Many advertisers in the display advertising market feel they are paying for impressions that users rarely see. Such quality concerns have driven increasing adoption of the private marketplace (PMP) channel in parallel with the real-time bidding (RTB) channel. RTB is open to all advertisers, whereas PMP requires advertisers to stipulate an ex-ante agreement with publishers that provides quality assurance of the ad inventory. Despite being seen as a credible channel for high-quality impressions, it is unclear how the adoption and use of PMP would affect the payoffs of publishers and advertisers in RTB, and whether the co-existence of the two market channels benefits both publishers and advertisers in the long run. To address these questions, we first develop a stylized game-theoretical model to characterize the strategic interactions between advertisers and publishers in a dual-channel setting. The equilibrium analysis shows that dual-channel publishers can extract adverse selection rents from their single-channel counterparts in RTB. As such, advertisers do not benefit from the quality assurance promised by PMP. We then conduct an empirical test of our theoretical predictions using a large proprietary dataset. The results provide strong evidence of adverse selection. In particular, we find that dual-channel publishers offer significantly lower quality impressions than their single-channel counterparts in RTB. Our study provides timely insights to practitioners in the ad industry.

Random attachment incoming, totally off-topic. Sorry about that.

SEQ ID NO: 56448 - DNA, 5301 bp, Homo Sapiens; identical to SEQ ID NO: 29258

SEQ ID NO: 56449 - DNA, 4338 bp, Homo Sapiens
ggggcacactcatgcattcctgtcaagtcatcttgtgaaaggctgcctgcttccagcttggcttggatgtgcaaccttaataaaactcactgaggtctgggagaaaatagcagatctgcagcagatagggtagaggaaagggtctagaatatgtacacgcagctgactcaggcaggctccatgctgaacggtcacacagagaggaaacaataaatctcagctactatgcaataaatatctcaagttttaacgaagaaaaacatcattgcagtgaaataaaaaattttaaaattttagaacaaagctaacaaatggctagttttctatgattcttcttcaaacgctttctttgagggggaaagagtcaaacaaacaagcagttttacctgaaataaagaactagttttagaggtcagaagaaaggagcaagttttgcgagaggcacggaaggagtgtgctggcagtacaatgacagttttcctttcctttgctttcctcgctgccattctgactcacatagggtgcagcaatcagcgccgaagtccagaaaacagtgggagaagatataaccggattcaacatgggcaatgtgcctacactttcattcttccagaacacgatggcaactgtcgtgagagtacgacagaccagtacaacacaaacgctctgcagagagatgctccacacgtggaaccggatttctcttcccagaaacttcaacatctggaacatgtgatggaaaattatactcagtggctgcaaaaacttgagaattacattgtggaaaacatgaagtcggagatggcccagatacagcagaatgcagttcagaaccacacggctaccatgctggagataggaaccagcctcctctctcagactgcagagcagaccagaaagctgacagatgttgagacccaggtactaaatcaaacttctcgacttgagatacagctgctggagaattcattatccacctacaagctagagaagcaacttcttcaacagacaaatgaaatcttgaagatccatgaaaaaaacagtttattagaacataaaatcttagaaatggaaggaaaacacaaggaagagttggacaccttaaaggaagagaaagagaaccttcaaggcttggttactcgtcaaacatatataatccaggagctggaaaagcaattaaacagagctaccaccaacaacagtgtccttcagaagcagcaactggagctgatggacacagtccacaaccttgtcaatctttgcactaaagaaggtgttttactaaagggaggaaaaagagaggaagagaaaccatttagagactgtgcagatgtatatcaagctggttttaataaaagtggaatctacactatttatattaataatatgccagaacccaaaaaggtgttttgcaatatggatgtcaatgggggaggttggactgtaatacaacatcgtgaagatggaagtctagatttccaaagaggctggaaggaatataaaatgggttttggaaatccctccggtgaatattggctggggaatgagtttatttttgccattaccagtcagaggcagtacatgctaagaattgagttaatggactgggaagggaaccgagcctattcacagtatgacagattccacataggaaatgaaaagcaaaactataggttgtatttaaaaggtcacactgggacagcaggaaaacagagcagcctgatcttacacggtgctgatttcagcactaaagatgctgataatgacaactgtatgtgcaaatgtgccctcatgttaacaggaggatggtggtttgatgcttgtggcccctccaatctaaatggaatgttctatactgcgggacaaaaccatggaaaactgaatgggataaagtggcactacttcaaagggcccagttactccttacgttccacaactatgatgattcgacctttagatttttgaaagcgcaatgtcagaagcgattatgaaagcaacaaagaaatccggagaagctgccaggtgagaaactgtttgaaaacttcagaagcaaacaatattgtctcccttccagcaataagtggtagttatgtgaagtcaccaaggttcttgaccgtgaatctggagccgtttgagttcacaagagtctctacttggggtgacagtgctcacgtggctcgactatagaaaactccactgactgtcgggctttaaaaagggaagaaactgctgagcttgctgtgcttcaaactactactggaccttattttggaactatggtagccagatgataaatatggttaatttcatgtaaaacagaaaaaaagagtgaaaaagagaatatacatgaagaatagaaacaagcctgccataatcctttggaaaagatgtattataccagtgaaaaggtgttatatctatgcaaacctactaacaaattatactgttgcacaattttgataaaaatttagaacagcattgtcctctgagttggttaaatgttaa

|Publication status||Published - 2022|